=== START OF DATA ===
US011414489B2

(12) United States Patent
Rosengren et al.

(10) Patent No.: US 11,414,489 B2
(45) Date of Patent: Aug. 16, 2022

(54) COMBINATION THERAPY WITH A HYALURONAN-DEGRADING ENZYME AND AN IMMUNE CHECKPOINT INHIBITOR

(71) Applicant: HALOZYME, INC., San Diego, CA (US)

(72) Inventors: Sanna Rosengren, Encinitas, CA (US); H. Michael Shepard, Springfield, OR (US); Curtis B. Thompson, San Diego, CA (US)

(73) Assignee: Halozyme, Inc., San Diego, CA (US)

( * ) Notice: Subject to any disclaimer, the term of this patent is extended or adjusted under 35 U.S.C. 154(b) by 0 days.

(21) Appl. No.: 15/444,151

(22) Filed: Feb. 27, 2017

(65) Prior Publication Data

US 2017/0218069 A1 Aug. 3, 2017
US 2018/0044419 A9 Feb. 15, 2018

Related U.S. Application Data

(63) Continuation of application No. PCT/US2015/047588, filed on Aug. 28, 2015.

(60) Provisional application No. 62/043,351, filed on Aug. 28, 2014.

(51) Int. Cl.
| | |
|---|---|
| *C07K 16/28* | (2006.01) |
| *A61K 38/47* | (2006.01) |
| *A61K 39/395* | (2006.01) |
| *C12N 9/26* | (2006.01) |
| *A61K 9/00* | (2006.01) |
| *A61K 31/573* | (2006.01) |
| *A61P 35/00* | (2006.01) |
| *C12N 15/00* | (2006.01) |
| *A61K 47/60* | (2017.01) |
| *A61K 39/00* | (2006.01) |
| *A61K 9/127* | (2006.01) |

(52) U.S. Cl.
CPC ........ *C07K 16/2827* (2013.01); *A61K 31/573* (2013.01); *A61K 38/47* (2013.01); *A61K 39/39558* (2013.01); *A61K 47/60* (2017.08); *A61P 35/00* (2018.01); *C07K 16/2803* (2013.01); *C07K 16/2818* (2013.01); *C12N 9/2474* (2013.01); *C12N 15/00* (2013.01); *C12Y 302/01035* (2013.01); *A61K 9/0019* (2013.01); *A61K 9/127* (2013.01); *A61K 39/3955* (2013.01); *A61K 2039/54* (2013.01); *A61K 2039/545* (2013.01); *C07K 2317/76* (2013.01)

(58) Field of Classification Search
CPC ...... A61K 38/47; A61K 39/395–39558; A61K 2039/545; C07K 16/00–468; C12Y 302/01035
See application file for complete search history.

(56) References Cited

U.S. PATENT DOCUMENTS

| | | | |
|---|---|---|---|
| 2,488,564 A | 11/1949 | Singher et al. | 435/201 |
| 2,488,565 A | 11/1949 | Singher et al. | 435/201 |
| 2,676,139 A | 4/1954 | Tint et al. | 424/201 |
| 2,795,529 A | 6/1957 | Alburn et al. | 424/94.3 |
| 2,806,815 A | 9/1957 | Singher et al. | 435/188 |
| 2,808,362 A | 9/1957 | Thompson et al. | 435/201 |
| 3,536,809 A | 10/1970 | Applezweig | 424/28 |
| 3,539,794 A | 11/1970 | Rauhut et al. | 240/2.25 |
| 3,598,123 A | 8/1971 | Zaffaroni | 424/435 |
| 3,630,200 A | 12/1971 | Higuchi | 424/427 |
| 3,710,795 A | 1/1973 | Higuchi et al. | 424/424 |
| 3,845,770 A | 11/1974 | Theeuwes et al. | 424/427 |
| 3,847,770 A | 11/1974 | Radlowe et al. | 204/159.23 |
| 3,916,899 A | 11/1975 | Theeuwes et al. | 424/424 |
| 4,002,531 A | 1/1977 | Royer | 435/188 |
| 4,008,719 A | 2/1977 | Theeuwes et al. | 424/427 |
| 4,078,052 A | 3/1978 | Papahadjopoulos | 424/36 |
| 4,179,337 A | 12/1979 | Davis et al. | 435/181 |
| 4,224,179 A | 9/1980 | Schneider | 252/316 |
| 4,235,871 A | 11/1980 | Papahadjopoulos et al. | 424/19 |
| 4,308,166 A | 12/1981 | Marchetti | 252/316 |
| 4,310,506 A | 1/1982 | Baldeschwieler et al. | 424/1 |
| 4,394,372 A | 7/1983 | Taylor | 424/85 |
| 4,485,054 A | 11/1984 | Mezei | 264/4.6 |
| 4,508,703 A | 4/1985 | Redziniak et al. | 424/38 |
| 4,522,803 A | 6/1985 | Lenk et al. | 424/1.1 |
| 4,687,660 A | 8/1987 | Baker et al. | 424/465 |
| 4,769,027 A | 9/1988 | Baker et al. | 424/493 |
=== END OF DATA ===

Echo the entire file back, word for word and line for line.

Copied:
US011414489B2

(12) United States Patent
Rosengren et al.

(10) Patent No.: US 11,414,489 B2
(45) Date of Patent: Aug. 16, 2022

(54) COMBINATION THERAPY WITH A HYALURONAN-DEGRADING ENZYME AND AN IMMUNE CHECKPOINT INHIBITOR

(71) Applicant: HALOZYME, INC., San Diego, CA (US)

(72) Inventors: Sanna Rosengren, Encinitas, CA (US); H. Michael Shepard, Springfield, OR (US); Curtis B. Thompson, San Diego, CA (US)

(73) Assignee: Halozyme, Inc., San Diego, CA (US)

( * ) Notice: Subject to any disclaimer, the term of this patent is extended or adjusted under 35 U.S.C. 154(b) by 0 days.

(21) Appl. No.: 15/444,151

(22) Filed: Feb. 27, 2017

(65) Prior Publication Data

US 2017/0218069 A1 Aug. 3, 2017
US 2018/0044419 A9 Feb. 15, 2018

Related U.S. Application Data

(63) Continuation of application No. PCT/US2015/047588, filed on Aug. 28, 2015.

(60) Provisional application No. 62/043,351, filed on Aug. 28, 2014.

(51) Int. Cl.
| | |
|---|---|
| *C07K 16/28* | (2006.01) |
| *A61K 38/47* | (2006.01) |
| *A61K 39/395* | (2006.01) |
| *C12N 9/26* | (2006.01) |
| *A61K 9/00* | (2006.01) |
| *A61K 31/573* | (2006.01) |
| *A61P 35/00* | (2006.01) |
| *C12N 15/00* | (2006.01) |
| *A61K 47/60* | (2017.01) |
| *A61K 39/00* | (2006.01) |
| *A61K 9/127* | (2006.01) |

(52) U.S. Cl.
CPC ........ *C07K 16/2827* (2013.01); *A61K 31/573* (2013.01); *A61K 38/47* (2013.01); *A61K 39/39558* (2013.01); *A61K 47/60* (2017.08); *A61P 35/00* (2018.01); *C07K 16/2803* (2013.01); *C07K 16/2818* (2013.01); *C12N 9/2474* (2013.01); *C12N 15/00* (2013.01); *C12Y 302/01035* (2013.01); *A61K 9/0019* (2013.01); *A61K 9/127* (2013.01); *A61K 39/3955* (2013.01); *A61K 2039/54* (2013.01); *A61K 2039/545* (2013.01); *C07K 2317/76* (2013.01)

(58) Field of Classification Search
CPC ...... A61K 38/47; A61K 39/395–39558; A61K 2039/545; C07K 16/00–468; C12Y 302/01035
See application file for complete search history.

(56) References Cited

U.S. PATENT DOCUMENTS

| | | | |
|---|---|---|---|
| 2,488,564 A | 11/1949 | Singher et al. | 435/201 |
| 2,488,565 A | 11/1949 | Singher et al. | 435/201 |
| 2,676,139 A | 4/1954 | Tint et al. | 424/201 |
| 2,795,529 A | 6/1957 | Alburn et al. | 424/94.3 |
| 2,806,815 A | 9/1957 | Singher et al. | 435/188 |
| 2,808,362 A | 9/1957 | Thompson et al. | 435/201 |
| 3,536,809 A | 10/1970 | Applezweig | 424/28 |
| 3,539,794 A | 11/1970 | Rauhut et al. | 240/2.25 |
| 3,598,123 A | 8/1971 | Zaffaroni | 424/435 |
| 3,630,200 A | 12/1971 | Higuchi | 424/427 |
| 3,710,795 A | 1/1973 | Higuchi et al. | 424/424 |
| 3,845,770 A | 11/1974 | Theeuwes et al. | 424/427 |
| 3,847,770 A | 11/1974 | Radlowe et al. | 204/159.23 |
| 3,916,899 A | 11/1975 | Theeuwes et al. | 424/424 |
| 4,002,531 A | 1/1977 | Royer | 435/188 |
| 4,008,719 A | 2/1977 | Theeuwes et al. | 424/427 |
| 4,078,052 A | 3/1978 | Papahadjopoulos | 424/36 |
| 4,179,337 A | 12/1979 | Davis et al. | 435/181 |
| 4,224,179 A | 9/1980 | Schneider | 252/316 |
| 4,235,871 A | 11/1980 | Papahadjopoulos et al. | 424/19 |
| 4,308,166 A | 12/1981 | Marchetti | 252/316 |
| 4,310,506 A | 1/1982 | Baldeschwieler et al. | 424/1 |
| 4,394,372 A | 7/1983 | Taylor | 424/85 |
| 4,485,054 A | 11/1984 | Mezei | 264/4.6 |
| 4,508,703 A | 4/1985 | Redziniak et al. | 424/38 |
| 4,522,803 A | 6/1985 | Lenk et al. | 424/1.1 |
| 4,687,660 A | 8/1987 | Baker et al. | 424/465 |
| 4,769,027 A | 9/1988 | Baker et al. | 424/493 |